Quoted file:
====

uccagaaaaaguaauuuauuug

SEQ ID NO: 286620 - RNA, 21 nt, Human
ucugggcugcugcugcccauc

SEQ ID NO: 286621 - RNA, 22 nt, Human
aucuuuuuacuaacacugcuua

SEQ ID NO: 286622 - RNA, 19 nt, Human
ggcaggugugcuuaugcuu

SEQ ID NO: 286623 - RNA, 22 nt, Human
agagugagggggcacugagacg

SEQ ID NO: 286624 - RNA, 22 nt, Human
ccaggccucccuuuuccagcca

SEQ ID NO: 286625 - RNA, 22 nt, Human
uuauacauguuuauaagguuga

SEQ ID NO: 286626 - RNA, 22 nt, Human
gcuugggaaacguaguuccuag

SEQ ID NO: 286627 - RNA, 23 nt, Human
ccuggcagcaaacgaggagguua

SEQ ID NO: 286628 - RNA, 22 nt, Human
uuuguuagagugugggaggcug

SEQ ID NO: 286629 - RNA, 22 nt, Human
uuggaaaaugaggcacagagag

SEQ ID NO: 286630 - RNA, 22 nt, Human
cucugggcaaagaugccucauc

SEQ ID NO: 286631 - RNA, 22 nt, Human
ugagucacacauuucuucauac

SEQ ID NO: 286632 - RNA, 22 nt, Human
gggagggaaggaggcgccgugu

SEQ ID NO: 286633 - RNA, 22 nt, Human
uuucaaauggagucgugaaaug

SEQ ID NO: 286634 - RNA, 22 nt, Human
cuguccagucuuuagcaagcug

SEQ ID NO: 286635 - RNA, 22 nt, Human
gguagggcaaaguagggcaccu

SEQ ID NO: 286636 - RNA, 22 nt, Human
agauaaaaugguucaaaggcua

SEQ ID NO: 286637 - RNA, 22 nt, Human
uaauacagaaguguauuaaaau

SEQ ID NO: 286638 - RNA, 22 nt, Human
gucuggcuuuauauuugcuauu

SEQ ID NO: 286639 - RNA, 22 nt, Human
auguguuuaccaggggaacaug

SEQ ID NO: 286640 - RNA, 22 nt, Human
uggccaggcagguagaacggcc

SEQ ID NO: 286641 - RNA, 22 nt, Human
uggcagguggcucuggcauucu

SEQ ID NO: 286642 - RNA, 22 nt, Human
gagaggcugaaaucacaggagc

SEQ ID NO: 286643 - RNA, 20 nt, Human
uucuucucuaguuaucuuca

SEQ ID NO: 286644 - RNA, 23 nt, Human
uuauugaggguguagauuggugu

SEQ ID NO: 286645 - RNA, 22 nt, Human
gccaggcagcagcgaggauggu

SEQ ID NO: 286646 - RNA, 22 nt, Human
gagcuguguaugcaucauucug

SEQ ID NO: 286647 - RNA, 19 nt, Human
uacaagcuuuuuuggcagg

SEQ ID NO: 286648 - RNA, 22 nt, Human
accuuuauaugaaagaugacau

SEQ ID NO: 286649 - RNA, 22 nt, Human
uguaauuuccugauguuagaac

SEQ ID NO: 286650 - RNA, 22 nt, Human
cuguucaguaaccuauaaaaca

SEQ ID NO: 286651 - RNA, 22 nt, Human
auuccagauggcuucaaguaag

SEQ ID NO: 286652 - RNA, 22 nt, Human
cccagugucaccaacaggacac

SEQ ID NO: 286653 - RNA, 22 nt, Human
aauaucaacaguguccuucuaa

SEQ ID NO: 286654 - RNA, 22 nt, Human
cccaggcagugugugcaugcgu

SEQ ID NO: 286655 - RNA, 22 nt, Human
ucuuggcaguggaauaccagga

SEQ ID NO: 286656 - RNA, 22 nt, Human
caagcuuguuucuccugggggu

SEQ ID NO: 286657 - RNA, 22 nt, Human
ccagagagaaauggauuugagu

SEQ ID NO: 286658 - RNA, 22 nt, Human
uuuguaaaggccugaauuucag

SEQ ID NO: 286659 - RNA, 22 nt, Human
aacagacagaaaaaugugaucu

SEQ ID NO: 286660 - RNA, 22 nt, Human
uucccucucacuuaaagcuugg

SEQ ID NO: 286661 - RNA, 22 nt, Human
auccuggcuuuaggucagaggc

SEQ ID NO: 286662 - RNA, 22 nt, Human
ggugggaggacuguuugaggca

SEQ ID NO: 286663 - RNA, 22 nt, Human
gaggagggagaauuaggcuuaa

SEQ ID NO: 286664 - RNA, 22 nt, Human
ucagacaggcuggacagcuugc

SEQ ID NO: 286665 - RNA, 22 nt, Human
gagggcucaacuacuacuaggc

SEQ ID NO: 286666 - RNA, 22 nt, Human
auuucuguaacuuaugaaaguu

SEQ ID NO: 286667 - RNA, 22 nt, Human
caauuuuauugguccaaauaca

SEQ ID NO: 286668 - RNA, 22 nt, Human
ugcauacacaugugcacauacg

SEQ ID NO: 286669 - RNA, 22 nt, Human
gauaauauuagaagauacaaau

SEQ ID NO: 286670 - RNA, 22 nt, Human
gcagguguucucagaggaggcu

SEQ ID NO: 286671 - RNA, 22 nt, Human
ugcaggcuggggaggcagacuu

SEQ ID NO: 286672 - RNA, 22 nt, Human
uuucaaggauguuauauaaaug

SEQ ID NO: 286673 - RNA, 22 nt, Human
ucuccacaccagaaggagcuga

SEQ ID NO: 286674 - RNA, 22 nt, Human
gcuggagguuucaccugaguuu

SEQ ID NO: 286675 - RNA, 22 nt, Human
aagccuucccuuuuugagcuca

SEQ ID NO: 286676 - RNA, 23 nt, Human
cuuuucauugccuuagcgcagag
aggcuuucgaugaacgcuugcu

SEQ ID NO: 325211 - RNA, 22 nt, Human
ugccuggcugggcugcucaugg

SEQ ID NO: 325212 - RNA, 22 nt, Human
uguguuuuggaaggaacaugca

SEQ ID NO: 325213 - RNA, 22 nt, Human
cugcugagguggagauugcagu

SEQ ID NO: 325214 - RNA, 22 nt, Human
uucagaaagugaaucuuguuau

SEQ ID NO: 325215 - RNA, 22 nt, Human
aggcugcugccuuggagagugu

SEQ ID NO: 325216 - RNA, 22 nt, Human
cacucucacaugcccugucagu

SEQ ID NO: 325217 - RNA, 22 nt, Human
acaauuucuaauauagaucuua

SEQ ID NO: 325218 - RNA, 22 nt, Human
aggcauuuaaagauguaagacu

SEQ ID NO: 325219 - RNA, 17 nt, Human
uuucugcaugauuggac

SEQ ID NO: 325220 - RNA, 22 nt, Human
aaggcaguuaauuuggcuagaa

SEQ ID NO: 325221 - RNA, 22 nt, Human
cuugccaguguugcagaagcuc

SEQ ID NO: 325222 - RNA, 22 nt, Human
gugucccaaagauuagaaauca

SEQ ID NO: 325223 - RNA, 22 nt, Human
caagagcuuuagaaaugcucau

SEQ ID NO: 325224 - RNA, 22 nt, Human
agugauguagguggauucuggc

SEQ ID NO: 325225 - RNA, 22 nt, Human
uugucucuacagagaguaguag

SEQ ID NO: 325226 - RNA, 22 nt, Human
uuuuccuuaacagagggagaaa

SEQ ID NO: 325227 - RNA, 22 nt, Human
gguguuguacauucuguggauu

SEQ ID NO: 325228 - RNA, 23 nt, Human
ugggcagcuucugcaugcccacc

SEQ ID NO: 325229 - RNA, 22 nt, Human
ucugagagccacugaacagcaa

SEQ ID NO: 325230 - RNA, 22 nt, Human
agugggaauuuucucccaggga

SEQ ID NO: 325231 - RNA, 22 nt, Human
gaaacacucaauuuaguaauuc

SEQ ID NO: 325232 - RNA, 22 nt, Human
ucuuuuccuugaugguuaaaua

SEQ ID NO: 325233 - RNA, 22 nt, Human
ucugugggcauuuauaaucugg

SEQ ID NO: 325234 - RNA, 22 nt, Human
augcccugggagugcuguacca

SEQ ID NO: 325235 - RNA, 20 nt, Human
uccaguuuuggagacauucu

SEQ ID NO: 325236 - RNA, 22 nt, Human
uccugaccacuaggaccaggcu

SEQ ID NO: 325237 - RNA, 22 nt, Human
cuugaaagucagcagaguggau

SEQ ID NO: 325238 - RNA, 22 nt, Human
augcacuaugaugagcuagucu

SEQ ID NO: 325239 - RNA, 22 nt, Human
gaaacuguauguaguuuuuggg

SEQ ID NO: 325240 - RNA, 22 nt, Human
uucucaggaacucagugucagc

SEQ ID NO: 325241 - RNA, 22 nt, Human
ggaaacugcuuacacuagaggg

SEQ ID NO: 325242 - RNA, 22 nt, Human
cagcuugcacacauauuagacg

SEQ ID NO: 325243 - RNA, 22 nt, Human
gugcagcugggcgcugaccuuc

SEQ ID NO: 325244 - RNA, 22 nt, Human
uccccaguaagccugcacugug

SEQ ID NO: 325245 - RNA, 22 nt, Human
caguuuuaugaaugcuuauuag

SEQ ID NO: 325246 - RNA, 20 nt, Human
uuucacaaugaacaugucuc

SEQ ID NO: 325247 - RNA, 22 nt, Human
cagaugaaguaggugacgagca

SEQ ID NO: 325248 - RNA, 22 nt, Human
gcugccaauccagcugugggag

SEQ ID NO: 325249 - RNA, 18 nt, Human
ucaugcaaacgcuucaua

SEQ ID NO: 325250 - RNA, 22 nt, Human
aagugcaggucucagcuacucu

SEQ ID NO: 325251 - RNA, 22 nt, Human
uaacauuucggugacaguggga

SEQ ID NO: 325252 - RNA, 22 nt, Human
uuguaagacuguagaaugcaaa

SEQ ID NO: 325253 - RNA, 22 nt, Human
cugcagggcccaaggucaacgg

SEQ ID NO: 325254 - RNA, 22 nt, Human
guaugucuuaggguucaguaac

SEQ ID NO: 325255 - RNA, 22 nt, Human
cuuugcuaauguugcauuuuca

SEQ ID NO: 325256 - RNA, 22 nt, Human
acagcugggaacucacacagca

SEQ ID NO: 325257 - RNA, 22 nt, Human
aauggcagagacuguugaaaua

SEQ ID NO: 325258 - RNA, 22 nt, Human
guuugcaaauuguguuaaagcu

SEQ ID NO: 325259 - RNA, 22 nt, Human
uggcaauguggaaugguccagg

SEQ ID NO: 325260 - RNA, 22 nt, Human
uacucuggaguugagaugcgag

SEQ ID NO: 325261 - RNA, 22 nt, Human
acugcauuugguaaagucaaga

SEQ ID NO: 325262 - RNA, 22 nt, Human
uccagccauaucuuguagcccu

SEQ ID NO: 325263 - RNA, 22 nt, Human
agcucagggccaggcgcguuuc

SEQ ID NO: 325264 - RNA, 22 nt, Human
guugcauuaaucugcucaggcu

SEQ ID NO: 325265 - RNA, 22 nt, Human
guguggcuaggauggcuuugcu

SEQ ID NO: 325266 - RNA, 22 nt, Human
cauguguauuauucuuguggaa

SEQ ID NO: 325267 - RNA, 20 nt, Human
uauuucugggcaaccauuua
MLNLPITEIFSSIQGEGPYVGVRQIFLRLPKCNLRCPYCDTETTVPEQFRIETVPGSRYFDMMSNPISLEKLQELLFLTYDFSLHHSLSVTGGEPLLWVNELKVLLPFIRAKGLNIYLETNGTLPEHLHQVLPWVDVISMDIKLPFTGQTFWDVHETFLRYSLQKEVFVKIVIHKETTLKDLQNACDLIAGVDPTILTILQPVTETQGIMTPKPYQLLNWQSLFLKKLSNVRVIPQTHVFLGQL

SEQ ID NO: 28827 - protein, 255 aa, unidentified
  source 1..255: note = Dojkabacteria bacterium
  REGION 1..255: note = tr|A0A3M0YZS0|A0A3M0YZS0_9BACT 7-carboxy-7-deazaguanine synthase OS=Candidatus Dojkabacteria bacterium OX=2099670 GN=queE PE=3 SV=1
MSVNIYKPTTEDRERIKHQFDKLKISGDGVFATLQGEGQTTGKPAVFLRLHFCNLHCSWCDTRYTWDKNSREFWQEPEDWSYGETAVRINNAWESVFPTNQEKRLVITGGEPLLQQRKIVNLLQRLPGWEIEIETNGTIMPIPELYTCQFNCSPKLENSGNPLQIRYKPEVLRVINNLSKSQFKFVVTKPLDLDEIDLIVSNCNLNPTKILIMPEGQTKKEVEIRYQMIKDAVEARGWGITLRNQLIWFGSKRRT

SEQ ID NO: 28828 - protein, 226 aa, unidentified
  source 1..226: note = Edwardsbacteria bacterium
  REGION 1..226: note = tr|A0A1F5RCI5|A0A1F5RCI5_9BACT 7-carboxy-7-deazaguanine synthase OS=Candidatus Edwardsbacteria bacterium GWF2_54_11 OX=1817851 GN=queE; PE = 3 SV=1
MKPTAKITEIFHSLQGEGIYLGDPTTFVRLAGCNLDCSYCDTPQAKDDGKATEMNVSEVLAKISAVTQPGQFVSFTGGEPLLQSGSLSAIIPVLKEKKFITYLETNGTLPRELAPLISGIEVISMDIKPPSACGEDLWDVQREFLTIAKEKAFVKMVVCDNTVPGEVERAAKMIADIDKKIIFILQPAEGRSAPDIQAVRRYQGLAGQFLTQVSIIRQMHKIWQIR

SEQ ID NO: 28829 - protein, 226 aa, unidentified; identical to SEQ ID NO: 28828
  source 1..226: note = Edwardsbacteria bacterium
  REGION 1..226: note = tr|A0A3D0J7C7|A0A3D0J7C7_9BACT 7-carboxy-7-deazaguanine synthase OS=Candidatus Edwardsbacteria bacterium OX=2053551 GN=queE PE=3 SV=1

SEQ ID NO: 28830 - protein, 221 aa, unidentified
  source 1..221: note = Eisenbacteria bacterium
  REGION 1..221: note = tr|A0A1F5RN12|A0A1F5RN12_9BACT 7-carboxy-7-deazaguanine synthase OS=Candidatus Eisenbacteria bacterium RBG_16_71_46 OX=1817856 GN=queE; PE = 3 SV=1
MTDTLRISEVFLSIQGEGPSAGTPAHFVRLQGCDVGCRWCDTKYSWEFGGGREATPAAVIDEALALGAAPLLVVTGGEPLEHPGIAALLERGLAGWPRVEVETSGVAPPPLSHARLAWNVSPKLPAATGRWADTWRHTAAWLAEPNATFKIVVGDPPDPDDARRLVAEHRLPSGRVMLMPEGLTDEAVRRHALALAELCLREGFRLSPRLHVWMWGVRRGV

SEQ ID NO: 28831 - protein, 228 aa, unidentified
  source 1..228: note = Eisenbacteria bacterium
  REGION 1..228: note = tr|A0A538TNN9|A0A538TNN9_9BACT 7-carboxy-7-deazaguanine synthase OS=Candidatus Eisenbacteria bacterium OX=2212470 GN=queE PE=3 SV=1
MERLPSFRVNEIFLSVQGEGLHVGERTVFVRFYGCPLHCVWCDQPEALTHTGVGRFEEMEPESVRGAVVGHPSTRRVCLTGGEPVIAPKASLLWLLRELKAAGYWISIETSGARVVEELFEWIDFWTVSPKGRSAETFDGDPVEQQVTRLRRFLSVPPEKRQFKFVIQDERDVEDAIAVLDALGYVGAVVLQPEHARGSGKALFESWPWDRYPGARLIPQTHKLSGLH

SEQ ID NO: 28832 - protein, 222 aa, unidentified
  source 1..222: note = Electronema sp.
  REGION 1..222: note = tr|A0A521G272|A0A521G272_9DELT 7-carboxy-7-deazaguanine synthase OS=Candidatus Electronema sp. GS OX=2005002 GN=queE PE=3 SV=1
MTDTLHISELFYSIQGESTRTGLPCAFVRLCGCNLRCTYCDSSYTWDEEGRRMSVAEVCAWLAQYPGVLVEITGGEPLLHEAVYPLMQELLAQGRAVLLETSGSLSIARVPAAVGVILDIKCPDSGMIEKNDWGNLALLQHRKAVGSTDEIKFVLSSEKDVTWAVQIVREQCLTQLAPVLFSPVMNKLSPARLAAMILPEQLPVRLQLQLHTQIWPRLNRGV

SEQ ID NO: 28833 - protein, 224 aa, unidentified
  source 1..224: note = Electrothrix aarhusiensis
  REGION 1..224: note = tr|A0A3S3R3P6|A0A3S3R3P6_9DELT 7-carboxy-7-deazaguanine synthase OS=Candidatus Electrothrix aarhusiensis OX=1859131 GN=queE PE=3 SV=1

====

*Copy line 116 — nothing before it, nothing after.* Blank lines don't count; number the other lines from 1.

aggcuuucgaugaacgcuugcu